Burchett:Responsible government spending will separate the two of us. I've had a history as county mayor of the county paying down debt. All the programs people propose are great and make you feel good but you've got to raise taxes to do that and that will cripple this country. All this health care is going to cost and we have to figure out how we're going to pay for it. Putting it on the backs of working people once again is not going to work.

Hoyos: Health care is the number one issue. When I go out to the district that's what people tell me they're concerned about. Its unaffordable and inaccessible. And to say we're not going to raise taxes even a tiny bit to keep people off the street and keep veterans from underneath bridges because they can't afford health care is untenable.

bizgrrl's picture

Hoyos did a great job. It's

Hoyos did a great job. It's easy to see why she should replace Duncan.

R. Neal's picture

Regarding Burchett's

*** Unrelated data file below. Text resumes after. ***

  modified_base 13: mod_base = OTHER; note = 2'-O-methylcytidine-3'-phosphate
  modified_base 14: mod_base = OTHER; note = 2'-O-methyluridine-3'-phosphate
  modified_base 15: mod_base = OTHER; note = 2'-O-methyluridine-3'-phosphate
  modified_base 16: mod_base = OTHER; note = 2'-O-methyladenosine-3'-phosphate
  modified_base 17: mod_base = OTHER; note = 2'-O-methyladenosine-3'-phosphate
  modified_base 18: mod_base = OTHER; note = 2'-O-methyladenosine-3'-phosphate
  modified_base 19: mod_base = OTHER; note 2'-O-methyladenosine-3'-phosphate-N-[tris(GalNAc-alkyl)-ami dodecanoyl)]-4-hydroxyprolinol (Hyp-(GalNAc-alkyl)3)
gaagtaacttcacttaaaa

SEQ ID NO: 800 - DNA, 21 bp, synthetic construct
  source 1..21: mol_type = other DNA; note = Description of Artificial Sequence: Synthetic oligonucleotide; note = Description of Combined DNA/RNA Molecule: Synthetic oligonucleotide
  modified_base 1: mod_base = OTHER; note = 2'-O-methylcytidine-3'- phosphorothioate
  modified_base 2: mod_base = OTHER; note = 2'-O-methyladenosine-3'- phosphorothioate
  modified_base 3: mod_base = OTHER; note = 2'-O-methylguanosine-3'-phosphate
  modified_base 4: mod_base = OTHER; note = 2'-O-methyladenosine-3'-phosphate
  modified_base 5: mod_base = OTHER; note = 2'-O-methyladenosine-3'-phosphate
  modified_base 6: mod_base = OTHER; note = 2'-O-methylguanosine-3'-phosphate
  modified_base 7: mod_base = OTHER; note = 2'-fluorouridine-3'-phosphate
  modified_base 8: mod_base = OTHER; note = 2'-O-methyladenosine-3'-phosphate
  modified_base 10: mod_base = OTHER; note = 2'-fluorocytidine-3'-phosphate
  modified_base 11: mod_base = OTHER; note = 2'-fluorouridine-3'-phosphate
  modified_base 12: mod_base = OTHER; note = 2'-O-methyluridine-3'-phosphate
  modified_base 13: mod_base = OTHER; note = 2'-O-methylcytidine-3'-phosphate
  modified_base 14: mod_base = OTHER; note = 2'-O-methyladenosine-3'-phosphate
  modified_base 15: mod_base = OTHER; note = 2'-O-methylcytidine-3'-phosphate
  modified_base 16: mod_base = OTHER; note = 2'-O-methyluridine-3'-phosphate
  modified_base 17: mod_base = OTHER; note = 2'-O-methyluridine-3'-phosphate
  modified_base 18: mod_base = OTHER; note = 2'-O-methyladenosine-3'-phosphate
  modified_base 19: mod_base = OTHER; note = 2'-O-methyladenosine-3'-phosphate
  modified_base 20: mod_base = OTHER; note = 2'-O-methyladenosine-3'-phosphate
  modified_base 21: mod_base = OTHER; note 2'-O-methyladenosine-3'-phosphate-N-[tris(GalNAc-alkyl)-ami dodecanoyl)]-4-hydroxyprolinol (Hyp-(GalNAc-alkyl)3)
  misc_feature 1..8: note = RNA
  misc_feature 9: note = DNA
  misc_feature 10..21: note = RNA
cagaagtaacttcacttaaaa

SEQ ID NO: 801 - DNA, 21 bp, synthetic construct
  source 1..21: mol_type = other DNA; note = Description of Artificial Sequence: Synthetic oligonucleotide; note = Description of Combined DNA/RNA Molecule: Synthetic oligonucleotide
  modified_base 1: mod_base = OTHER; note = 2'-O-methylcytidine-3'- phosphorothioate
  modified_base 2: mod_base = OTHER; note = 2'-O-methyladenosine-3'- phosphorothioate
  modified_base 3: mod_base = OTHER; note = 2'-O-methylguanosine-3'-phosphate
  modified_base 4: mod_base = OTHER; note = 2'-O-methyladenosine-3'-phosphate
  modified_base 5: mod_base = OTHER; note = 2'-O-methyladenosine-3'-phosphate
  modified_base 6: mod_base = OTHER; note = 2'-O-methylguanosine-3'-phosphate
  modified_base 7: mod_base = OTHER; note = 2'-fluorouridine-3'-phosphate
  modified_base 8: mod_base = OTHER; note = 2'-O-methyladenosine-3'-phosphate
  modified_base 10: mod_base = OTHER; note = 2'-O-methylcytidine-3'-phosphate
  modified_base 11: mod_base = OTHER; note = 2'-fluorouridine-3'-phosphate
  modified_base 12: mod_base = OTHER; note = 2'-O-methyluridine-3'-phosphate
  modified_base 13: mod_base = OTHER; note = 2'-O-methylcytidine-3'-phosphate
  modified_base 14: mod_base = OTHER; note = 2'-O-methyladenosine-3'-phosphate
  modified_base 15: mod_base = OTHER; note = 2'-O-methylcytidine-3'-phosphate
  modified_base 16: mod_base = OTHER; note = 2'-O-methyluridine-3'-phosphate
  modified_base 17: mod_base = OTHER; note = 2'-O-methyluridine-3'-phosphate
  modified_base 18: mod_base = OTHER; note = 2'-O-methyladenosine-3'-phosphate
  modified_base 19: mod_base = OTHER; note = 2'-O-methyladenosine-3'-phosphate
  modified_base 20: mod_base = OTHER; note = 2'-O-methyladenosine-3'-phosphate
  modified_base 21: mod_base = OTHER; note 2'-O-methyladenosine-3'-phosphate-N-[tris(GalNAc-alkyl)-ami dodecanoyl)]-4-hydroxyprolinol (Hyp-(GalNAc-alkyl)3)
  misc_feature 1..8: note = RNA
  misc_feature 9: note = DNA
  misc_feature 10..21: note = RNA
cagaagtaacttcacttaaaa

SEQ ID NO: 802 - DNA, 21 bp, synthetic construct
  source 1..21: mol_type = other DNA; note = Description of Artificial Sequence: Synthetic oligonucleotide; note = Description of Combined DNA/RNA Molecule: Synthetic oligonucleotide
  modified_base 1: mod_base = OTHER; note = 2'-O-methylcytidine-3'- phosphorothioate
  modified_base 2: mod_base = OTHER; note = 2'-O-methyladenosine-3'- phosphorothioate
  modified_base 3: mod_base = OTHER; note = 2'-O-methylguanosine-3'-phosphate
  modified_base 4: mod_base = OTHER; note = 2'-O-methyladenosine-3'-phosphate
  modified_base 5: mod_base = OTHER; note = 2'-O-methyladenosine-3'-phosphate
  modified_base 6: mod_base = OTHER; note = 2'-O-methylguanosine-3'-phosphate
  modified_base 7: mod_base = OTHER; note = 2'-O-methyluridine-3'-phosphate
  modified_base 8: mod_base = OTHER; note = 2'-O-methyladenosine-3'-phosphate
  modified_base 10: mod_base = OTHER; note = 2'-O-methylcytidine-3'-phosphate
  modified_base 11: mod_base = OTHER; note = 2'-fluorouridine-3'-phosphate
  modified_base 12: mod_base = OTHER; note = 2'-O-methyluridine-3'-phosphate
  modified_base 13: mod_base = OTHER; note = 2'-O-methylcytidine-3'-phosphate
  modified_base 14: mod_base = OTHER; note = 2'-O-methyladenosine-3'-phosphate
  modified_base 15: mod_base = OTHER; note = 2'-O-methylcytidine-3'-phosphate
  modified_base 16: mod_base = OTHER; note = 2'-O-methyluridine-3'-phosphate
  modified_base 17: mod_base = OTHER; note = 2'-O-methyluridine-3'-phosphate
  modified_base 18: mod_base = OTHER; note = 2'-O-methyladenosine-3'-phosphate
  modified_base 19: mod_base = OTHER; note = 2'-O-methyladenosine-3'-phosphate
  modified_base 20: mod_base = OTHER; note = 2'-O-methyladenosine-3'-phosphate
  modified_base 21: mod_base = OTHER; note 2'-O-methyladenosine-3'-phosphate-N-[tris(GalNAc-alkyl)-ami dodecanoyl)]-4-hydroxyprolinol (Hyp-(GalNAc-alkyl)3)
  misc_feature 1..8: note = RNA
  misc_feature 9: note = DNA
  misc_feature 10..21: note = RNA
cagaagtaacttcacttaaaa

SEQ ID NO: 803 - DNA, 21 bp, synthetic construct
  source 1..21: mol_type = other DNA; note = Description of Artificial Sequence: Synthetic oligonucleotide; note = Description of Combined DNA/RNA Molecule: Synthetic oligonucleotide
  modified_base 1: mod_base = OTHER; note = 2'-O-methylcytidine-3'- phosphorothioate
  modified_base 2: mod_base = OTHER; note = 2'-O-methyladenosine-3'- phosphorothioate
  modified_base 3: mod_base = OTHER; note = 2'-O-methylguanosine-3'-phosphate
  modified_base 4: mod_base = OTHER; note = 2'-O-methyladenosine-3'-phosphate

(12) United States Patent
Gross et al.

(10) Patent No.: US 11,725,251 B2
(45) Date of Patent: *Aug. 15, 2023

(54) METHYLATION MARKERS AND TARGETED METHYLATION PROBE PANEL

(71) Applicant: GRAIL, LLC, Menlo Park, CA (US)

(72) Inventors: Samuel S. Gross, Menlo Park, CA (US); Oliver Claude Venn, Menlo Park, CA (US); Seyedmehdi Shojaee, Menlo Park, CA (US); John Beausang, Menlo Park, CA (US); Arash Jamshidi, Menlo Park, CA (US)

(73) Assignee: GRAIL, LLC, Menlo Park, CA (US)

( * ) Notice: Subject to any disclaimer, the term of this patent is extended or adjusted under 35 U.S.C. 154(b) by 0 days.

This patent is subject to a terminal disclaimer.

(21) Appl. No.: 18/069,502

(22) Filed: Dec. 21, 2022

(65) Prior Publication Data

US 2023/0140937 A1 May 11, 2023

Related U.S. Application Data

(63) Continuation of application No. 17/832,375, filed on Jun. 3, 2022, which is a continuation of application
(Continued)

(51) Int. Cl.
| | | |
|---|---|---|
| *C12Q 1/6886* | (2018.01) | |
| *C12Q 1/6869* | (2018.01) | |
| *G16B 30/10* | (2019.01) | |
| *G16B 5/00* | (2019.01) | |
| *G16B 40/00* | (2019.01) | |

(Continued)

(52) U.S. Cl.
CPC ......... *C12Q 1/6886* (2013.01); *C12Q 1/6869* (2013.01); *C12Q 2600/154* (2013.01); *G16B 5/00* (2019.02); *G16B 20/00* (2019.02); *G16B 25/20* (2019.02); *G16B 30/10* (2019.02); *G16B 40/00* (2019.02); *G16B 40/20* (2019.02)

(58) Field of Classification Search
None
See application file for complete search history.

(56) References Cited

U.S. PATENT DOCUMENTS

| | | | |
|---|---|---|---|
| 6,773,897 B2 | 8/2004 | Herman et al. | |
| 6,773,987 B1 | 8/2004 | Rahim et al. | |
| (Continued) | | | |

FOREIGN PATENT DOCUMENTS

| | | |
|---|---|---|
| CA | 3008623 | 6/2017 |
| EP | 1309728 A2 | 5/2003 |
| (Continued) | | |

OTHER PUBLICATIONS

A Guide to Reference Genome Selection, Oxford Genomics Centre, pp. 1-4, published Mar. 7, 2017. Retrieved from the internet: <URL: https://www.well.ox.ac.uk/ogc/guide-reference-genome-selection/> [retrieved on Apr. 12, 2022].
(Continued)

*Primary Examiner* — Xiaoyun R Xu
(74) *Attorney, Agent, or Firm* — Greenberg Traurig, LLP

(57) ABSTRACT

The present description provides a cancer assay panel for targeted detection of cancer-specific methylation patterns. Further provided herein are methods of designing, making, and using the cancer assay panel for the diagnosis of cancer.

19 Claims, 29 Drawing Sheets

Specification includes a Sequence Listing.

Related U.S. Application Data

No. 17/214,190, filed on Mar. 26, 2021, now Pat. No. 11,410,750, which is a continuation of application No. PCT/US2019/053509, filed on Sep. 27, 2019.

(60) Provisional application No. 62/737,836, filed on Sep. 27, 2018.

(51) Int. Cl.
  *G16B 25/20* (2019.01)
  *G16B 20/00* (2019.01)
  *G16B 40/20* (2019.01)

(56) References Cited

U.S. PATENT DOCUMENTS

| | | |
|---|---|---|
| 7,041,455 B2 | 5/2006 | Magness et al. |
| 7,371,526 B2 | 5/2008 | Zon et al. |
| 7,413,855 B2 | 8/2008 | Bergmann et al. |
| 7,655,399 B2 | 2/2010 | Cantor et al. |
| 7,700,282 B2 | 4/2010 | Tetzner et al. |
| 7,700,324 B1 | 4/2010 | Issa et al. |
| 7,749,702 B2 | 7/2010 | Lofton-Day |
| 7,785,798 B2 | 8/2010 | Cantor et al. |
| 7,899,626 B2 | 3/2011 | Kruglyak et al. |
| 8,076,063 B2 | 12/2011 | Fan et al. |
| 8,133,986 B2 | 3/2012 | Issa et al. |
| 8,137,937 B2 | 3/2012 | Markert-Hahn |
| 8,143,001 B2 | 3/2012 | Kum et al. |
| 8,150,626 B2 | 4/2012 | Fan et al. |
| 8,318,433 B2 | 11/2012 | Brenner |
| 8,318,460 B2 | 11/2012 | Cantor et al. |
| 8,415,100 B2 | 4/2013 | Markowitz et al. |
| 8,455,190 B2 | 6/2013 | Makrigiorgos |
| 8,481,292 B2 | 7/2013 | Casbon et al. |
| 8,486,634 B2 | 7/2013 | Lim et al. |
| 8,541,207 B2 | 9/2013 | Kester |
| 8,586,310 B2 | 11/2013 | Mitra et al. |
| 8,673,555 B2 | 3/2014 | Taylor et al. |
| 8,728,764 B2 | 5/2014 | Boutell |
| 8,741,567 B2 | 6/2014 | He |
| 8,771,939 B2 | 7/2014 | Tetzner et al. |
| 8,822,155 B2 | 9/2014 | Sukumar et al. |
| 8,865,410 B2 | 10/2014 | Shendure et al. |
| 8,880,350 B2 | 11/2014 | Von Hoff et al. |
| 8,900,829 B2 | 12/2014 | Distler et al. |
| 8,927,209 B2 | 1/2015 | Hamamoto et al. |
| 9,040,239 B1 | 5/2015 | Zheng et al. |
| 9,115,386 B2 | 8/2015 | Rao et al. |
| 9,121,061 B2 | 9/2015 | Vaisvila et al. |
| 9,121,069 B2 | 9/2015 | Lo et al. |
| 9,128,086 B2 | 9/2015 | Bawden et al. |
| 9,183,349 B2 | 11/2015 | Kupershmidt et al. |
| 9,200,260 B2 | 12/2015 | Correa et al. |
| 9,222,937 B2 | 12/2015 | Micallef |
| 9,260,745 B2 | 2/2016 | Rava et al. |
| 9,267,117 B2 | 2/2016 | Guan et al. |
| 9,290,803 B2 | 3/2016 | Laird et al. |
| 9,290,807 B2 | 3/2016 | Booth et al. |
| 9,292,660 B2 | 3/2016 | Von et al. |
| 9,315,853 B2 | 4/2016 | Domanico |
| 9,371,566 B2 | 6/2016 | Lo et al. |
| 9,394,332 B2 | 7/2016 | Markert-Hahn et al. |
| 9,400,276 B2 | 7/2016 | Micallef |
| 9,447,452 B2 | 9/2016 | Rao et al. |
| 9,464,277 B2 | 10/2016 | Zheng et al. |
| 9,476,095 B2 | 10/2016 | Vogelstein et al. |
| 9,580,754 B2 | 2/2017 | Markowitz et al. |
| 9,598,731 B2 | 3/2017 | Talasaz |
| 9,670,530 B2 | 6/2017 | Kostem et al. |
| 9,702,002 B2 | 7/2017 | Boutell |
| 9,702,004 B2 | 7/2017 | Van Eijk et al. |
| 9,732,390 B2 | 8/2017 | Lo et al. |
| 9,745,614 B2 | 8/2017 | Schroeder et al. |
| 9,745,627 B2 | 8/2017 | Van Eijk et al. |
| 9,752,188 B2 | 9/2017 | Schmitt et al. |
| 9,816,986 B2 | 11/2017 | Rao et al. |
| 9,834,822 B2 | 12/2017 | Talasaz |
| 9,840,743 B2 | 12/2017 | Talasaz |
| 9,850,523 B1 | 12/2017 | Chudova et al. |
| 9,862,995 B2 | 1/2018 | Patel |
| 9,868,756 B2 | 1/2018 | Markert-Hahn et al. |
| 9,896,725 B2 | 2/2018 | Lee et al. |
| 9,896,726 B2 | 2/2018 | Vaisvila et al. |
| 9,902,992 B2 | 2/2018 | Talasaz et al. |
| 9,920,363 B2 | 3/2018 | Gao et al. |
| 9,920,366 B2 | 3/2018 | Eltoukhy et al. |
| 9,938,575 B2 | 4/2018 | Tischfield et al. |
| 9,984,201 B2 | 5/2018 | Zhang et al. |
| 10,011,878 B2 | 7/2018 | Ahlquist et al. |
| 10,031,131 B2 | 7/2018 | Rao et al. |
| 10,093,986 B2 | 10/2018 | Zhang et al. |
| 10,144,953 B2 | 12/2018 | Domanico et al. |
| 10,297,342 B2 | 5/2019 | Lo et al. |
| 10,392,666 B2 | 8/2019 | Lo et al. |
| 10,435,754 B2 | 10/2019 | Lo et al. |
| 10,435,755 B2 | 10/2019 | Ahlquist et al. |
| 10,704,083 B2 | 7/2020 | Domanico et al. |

Regarding Burchett's assertion that health care for all would cost taxpayers $36 trillion, that sounds like a Fox News talking point.

I'm guessing that number is derived from our annual U.S. per capita health care spending of roughly $10,000 times the population of 360 million. (Edit as per comment below: over ten years).

That's how much WE ARE ALREADY SPENDING. Single payer, Medicare for all, or whatever you want to call it doesn't increase the amount we spend on health care. It just changes how it's collected and paid. In fact, it could LOWER that amount through efficiencies and eliminating insurance company overhead and profits.

And it wouldn't have to mean more taxes. It would be paid for by premiums (just like Medicare is now) and existing payroll taxes. It would mean, however, that the costs are spread around with more equity and justice.

JaHu's picture

I'm glad you mentioned that.

I'm glad you mentioned that. I didn't know the exact figures but that also crossed my mind when he said it.
We also have the same problem with the military which will be our downfall.

fischbobber's picture

The number

3.6 trillion a year is what Americans currently spend on healthcare. The Kochs recently funded a study that estimated Bernie Sanders medicare for all, over ten years, would cost 34 trillion over ten years. Based on current projection annual spending on healthcare will rise to 5.5 trillion per annum in ten years. That means savings by going to Sanders plan of universal healthcare will save Americans between 2 and 12 trillion dollars a years. Hoyos should have known this.